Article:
7. A vertex shader transforms vertices from world space into clipping coordinates space (screen space) (with the modelview-projection matrix), but also needs to transform the vectors, if they are fixed in world space. This is not evident, but you need another matrix to transform vectors : the normal matrix (gl_NormalMatrix). This is explained in the orange book, ch. 6.2. When I want my light source to be fixed in global space (i.e. turning with the scene) I add the line : LightPosition = vec3(gl_NormalMatrix * LightPosition); And just remove it when I want the light fixed in screen coordinates (always coming from the same apparent direction) I also apply this transformation to the normal, tangent and binormal vectors : vec3 t,n,b; n = vec3(gl_Normal); n = normalize(gl_NormalMatrix * n); t = Tangent; t = normalize(gl_NormalMatrix * t); b = cross(n, t);
  8. Hi, I've implemented Catmull-Clark subdivision in my app. The only thing left is to compute the tangent space vectors at the subdivided mesh vertices. Temporarily, the vectors (tangent and normal) are interpolated from the vectors at the base mesh vertices. As expected, this gives noticeable artifacts where the surface curvature is high. Internet searches returns a lot on Catmull-Clark and subdivision, but strangely very little on this topic. What I'm looking for is a method that does two things : 1) provide tangent vectors at subd surface vertices close enough to the tangent plane of the (exact) subd surface (the normal is computed by cross product of the 2 tangent vectors) 2) make it so that these tangent vectors (or vectors derived from them) correspond to the tangent space needed to apply correct bump mapping. I could of course compute the tangents and normals of the subdivision mesh the same way I compute them for the base mesh, but the CPU cost is prohibitive. Some details regarding the app : - polygonal mesh (triangles and quads) - shaders supporting lighting, color textures and bump maps - texture coordinates are simply linearly interpolated during subdivision - sharp and semi-sharp creases (for the former, normal discontinuity across the crease) - for the base mesh, tangent space vectors at vertices are computed as follows : - compute normals for each polygon - compute tangent for each polygon as explained in http://www.terathon.com/code/tangent.html - average those values at vertices, taking into account normal and texture discontinuities (creases, mesh edges and seams) - orthogonalize and normalize the vectors (only tangent and normal are stored per vertex, the binormal is computed in the vertex shader). Any link / suggestion / hint would be welcome.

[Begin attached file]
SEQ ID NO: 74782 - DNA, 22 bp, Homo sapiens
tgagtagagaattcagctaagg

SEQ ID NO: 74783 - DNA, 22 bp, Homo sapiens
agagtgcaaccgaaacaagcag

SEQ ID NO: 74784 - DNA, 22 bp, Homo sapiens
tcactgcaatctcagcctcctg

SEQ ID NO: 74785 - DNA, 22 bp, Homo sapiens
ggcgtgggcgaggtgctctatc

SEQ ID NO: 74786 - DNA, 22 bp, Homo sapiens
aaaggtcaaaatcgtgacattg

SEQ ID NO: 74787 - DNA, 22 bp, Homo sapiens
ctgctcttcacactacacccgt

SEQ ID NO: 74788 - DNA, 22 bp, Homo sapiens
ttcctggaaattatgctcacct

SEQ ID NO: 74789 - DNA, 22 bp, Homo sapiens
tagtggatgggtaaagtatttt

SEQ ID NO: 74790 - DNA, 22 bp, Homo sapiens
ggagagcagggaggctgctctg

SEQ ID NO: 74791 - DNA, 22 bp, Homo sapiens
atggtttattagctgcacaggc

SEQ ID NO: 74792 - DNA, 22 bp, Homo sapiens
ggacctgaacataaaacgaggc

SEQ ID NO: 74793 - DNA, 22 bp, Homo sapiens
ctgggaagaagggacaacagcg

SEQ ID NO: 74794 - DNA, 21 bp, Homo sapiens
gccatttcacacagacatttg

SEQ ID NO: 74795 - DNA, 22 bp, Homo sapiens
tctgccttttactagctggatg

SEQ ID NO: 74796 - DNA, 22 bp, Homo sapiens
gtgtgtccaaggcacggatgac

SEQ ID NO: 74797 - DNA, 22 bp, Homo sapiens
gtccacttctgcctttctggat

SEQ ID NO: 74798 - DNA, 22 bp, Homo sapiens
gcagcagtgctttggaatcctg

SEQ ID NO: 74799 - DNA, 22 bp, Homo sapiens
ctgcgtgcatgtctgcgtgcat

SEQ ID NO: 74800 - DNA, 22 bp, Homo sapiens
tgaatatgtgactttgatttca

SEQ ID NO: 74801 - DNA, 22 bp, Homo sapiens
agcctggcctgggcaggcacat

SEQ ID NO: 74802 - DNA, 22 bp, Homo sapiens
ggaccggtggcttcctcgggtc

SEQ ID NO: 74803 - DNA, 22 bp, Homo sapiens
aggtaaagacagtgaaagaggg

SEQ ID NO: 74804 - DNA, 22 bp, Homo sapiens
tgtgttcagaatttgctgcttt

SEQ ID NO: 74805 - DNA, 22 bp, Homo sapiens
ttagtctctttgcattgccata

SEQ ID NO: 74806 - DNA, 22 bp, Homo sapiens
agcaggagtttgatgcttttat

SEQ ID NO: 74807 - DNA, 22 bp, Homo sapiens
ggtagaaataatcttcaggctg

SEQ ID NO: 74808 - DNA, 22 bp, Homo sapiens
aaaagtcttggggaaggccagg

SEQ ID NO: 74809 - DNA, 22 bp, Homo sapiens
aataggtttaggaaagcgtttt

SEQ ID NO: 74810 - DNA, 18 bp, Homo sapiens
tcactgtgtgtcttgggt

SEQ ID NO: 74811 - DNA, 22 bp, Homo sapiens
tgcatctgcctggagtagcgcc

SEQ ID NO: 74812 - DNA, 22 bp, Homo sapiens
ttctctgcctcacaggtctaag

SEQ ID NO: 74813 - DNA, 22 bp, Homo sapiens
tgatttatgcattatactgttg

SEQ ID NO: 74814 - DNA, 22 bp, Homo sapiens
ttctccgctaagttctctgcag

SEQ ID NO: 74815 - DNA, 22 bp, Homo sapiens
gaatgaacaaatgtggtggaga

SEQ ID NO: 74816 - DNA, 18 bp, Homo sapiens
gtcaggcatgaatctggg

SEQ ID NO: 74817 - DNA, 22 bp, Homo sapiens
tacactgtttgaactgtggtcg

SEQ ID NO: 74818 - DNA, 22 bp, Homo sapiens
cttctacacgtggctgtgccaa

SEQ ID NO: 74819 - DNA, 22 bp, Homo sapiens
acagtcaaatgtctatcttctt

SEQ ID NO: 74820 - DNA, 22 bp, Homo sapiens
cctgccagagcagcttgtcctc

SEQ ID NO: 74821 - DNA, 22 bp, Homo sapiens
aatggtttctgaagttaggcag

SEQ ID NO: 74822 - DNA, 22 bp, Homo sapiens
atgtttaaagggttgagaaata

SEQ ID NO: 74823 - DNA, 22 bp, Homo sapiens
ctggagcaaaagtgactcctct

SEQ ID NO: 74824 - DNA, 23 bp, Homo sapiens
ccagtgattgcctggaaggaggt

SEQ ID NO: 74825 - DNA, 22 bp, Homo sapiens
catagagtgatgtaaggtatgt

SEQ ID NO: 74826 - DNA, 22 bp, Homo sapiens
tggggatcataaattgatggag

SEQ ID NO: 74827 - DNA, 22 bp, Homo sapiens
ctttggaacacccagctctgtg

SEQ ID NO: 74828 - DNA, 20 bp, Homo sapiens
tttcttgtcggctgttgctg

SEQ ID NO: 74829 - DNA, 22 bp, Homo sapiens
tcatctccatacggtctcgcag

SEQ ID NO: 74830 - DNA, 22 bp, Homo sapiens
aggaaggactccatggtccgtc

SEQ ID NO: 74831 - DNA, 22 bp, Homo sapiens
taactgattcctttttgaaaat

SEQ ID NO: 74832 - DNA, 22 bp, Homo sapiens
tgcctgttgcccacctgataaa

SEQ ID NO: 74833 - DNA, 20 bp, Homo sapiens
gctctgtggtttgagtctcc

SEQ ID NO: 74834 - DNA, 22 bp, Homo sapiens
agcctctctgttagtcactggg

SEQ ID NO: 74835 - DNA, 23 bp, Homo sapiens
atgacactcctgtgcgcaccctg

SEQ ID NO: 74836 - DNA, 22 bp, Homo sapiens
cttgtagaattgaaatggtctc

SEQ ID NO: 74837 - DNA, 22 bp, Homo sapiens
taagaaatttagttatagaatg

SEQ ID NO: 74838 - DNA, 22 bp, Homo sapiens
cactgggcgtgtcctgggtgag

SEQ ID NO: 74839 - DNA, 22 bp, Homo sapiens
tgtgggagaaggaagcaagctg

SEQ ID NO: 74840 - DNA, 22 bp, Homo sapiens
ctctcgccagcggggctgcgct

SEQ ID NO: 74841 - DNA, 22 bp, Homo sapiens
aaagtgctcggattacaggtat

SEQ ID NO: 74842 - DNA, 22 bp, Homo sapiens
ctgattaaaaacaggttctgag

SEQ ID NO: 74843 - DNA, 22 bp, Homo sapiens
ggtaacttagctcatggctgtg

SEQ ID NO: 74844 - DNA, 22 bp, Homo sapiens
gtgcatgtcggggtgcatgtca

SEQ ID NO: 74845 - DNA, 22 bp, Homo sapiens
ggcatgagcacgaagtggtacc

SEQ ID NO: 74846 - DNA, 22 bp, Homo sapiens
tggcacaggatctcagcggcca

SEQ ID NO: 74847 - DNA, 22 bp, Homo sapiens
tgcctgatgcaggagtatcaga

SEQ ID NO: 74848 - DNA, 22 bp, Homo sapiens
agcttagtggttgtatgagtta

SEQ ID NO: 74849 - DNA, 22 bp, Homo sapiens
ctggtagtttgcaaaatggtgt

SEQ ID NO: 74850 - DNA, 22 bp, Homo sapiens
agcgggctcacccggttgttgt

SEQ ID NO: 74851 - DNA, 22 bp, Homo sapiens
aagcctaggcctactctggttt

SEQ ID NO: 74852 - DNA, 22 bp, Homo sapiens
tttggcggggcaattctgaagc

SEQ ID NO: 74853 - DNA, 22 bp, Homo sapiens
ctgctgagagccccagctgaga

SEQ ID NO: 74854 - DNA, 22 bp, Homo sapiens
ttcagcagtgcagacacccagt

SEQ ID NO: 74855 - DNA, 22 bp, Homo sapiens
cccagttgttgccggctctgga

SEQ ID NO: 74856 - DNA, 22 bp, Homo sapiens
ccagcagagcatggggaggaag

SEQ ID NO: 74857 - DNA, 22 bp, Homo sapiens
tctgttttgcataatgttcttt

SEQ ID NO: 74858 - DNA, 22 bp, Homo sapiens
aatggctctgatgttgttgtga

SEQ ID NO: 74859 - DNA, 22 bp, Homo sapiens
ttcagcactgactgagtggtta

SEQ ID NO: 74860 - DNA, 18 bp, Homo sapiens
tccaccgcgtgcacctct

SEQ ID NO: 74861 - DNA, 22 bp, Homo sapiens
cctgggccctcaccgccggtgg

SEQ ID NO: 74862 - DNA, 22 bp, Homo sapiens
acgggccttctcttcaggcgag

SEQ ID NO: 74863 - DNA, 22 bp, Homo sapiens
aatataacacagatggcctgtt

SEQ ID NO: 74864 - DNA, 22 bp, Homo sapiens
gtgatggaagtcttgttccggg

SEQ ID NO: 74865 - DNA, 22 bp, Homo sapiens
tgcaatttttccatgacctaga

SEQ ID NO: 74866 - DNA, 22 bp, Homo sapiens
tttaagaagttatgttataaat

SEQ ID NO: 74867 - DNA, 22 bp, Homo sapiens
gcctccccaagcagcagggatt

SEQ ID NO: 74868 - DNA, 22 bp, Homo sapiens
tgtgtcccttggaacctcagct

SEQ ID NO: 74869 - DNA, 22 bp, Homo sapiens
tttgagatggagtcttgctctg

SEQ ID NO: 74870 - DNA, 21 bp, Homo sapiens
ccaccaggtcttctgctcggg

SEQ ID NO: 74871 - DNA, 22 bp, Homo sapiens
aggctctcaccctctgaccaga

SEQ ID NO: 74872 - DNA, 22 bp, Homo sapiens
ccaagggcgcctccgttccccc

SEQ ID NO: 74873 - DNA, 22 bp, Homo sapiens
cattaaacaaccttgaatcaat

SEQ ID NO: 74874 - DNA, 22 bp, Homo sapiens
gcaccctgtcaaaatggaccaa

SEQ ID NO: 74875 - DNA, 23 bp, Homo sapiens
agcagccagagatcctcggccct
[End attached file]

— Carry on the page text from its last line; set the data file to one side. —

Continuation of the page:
9. Farfadet

    Body velocity after response

    Why would the x velocity be <> 0 ? the force is vertical and the reaction too (assuming the ground is flat and horizontal). The distance between the reaction vector and the c.g. will yield a rotation, but no X displacement, I think.
  10. Farfadet

    linear system 4*4

    Thanks. As explained, this is very practiccal. I'll go for Cramer and see if it's fast enough. Alvaro, thanks for the link, the performance gain is impressive, but as I understand this is for Intel only - no portability.
  11. Farfadet

    linear system 4*4

    refering to another post : http://www.gamedev.net/community/forums/post.asp?method=reply&topic_id=573015 I'm trying to find an efficient way to interpolate a function whose value is known at the 4 vertices of a quadrilateral ; in other words : the same as barycentric interpolation, but for a quad. I found another way than those discussed in the post : I take the non-linear function f(x,y) = a.x.y + b.x + c.y + d. I know the function's value at 4 points (x1,y1), (x2,y2), (x3,y3), (x4,y4), this gives 4 equations with 4 variables (a,b,c,d). I need to do this for quite a few polygons, preferably real-time, and twice for each polygon (I map 2D quads on 2D quads), so speed matters. I assume the matrix has, in a general case, no particular form.
  12. Farfadet

    linear system 4*4

    What about : the least multiplication / division operations ?
  13. Farfadet

    linear system 4*4

    Hi, What would be the fastest algorithm to solve a 4 variables - 4 unknowns linear system ? I have the feeling that it must be somewhere between brutal force methods (substitution) and more sophisticated iterative methods.
  14. Farfadet

    Maximum size of a glsl program

    I'm devastated to hear this, but thanks anyway
  15. Farfadet

    Maximum size of a glsl program

    How do you manage this in an application then ? Wait until it crashes ?